This is how ski season is shaping up in the Southern Hemisphere

This is how ski season is shaping up in the Southern Hemisphere

The state of skiing in Chile, Argentina, Australia and New Zealand.

Featured Image: Courtesy of Thredbo Resort

This spring, unprecedented events caused by the coronavirus outbreak caused ski season to be cut drastically short in North America and across Europe. In the Southern Hemisphere, however, resorts have been hunkered down in their off-season, prepping for winter. How skiing will take shape in Chile, Argentina, Australia and New Zealand is still under debate, mainly because each country has applied varying restrictions on travel and safety protocols. To get a better understanding of how ski season is taking shape below the equator, we spoke to David Owen of PowderQuest, a guiding company that specializes in trips to South America, and photographer Colin Levitch based on Australia’s Gold Coast. Here’s the local’s outlook.

Chile & Argentina

“Currently all ski resorts in Chile and Argentina are working towards operating this season,” said David Owen of PowderQuest. “The big ‘if,’ is whether or not the governments in each country will allow them to open. Generally, on a good year, the resorts start to open in late May through mid-June. This year, we are looking at later in July or August, if it happens at all.”

Owen’s guiding service has postponed all of its operations until (at least) September/October 2020, with an emphasis on booking clients into winter trips in 2021 to Japan and South America. Optimistic, Owen still has his concerns about getting back on snow with clients too soon. “Even if it were safe to go, there will be numerous restrictions and guidelines in place preventing us from providing the quality guided trip our guests expect.”

At resorts like Portillo, Valle Nevado, La Parva and Cerro Catedral, where you’ll find some of the finest skiing in the world, resorts may need to restrict visits to local clients, effectively cutting clientele to just 25 percent of the expected total. An additional blow is that Las Leñas has already announced that it will not be opening this season. Ski lifts spinning doesn’t mean everything else will be up and running—restaurants, hotels and other amenities will have to abide by different re-opening guidelines.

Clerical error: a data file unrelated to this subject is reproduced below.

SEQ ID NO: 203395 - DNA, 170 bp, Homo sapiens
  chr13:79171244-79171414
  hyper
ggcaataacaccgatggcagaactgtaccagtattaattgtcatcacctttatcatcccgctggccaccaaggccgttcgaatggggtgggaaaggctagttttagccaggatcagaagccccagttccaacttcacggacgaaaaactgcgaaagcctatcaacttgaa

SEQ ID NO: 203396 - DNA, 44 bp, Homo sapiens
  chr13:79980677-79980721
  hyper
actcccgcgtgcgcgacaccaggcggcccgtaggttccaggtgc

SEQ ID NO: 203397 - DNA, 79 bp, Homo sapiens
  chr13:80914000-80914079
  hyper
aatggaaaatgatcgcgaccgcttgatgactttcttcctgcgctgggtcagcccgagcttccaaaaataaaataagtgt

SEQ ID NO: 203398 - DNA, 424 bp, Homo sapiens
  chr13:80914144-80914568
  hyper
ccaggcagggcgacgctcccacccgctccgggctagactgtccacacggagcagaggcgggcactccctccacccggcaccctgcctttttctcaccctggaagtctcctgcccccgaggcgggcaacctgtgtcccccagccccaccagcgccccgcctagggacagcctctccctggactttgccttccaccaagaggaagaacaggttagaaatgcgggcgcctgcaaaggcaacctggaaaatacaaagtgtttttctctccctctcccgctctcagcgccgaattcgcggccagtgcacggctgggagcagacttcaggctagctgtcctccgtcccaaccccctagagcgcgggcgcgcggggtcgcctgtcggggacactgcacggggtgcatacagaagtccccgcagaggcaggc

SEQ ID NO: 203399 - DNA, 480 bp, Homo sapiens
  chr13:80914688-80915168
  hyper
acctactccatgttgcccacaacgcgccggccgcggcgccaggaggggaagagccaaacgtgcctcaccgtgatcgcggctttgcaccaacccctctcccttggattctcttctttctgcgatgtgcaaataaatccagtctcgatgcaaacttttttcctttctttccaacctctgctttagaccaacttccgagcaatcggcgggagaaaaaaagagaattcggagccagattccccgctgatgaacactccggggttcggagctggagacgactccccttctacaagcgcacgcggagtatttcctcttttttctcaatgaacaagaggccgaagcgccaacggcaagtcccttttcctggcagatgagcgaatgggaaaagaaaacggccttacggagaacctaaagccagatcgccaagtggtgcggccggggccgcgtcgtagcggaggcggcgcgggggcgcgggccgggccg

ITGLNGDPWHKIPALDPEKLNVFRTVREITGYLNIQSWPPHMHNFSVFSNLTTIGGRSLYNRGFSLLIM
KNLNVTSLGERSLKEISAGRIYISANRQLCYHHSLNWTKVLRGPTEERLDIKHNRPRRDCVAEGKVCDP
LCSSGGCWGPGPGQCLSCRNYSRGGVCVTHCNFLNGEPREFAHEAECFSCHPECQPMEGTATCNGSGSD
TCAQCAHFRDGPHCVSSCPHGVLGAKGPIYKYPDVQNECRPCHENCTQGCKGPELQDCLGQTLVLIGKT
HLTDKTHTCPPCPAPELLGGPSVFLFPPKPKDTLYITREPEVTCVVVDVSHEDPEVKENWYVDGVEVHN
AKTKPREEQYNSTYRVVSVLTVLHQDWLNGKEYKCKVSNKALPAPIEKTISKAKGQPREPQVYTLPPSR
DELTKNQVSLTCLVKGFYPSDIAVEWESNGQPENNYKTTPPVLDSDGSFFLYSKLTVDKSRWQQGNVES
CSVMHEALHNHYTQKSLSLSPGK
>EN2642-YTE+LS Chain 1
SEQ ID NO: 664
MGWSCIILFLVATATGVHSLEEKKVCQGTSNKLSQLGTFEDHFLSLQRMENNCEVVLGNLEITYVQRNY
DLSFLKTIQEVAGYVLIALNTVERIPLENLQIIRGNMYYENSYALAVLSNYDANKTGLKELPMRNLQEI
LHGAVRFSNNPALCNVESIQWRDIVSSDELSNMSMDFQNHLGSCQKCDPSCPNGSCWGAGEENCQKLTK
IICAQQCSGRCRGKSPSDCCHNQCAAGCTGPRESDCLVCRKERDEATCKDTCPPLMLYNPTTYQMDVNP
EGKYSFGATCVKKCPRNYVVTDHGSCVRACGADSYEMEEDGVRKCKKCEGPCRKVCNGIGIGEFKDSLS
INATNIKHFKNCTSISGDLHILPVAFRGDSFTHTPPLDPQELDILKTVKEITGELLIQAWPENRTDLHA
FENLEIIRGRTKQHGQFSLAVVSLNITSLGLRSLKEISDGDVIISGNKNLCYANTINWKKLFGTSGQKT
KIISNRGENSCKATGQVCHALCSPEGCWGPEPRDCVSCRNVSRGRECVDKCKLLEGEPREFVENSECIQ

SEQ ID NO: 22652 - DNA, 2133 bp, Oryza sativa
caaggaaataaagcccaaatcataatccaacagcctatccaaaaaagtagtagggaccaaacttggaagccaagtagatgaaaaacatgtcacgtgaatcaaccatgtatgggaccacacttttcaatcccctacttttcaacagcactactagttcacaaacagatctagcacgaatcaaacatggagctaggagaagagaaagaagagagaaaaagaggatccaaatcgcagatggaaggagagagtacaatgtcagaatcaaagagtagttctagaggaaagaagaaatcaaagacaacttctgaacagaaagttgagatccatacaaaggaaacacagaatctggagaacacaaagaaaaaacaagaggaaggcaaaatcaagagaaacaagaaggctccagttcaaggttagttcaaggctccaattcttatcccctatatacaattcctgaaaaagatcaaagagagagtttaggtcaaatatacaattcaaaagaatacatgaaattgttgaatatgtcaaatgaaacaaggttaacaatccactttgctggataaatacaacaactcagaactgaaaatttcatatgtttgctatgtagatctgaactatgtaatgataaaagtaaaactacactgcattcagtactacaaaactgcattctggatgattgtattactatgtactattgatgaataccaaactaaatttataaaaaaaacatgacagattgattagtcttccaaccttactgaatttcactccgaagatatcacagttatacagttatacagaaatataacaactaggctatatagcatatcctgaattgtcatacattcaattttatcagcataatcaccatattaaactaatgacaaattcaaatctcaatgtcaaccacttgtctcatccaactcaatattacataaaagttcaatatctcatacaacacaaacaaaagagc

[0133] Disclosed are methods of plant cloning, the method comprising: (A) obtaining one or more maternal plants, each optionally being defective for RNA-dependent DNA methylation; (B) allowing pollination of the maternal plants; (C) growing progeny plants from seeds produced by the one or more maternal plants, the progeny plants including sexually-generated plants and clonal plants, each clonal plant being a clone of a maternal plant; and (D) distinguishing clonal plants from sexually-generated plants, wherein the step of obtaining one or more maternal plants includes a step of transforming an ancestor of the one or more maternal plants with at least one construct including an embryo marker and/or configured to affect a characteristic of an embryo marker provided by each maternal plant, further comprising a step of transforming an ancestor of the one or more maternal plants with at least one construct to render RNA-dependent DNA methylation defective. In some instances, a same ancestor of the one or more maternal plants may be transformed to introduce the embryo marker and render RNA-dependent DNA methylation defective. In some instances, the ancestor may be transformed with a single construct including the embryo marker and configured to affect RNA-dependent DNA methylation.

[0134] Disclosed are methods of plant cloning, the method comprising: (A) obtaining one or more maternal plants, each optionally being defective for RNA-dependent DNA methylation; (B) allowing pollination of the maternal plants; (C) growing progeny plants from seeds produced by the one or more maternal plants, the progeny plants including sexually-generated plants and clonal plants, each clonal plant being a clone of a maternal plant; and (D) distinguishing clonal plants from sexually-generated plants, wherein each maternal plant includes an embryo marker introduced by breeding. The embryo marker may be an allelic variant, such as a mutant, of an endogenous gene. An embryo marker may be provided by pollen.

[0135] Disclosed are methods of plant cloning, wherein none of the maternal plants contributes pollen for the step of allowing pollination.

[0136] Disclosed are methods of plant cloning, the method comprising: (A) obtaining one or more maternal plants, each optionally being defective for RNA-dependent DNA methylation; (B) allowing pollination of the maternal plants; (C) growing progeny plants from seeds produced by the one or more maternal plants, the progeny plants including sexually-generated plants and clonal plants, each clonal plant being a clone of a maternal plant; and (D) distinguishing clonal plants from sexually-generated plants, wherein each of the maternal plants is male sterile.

But the most concern comes from the ability for foreigners and other domestic travelers to actually reach the Andes. With his intimate knowledge of the ski scene in South America, Owen explained: “Both Chile and Argentina have quarantines enforced and borders are closed to foreign visitors. This will most likely remain for some time… basically, unless there are major changes over the next few months, the resorts will be focused on local skier traffic only. Argentina [also] has one of the strictest quarantines on the planet right now—until September 1st, all airlines are prohibited from selling tickets into and out of the country. This applies to domestic flights as well. Unless this changes (and it may) ski season in Argentina for foreigners is a ‘no go.’ At least until September.”

Australia & New Zealand

Much of the same news is coming out of Australia and New Zealand right now: Uncertainty when to reopen, travel restrictions upheld by respective state and local governments playing huge factors. However, there seems to be a heightened sense of hopefulness, especially given Australia’s “Holiday Travel Restrictions” have been set to lift in early June and New Zealand recently lessened its national state of emergency.

“[Officials] explicitly mentioned ski resorts in their announcement—so, Thredbo and Perisher will open, we just don’t know when,” explained Levitch. “The Victorian resorts—Buller, Falls Creek, Mt. BawBaw and Hotham—are in a bit more limbo, as the the state is still currently under a ‘stay at home’ order until May 31, and the governor is yet to provide an update; the Tasmanian resorts are in a similar limbo.”

But, even when the resorts open, the biggest question will be: Who will be allowed to visit? “The borders of Queensland, Tasmania, North Territory, South Australia and Western Australia are closed until further notice,” explained Levitch. “Even if the resorts do open, many would be tourists won’t be able to get to them.”

Accounting for more trouble is a vast, unfinished recovery from the devastating brushfires that burned across regional Australia over the dry summer months. “Most of regional Australia was—quite literally—on fire from October to January, including the towns around the Aussie ski resorts. [Many resorts] experienced major disruptions to tourism over the summer, and there is the possibility [some] may not recover in time for winter.”

In New Zealand, the country just shifted its nationwide travel ban to ease restrictions and many of resorts here are still expecting to open in late June. “We’re just getting our plans together for opening,” said Cardrona Resort General Manager, Bridget Legnavsky, in a recent video addressing the ski community. “There’s quite a lot of work to… ensure safety protocols across the entire ski industry. The big parts of that are around contact tracing, physical distancing and hygiene.”

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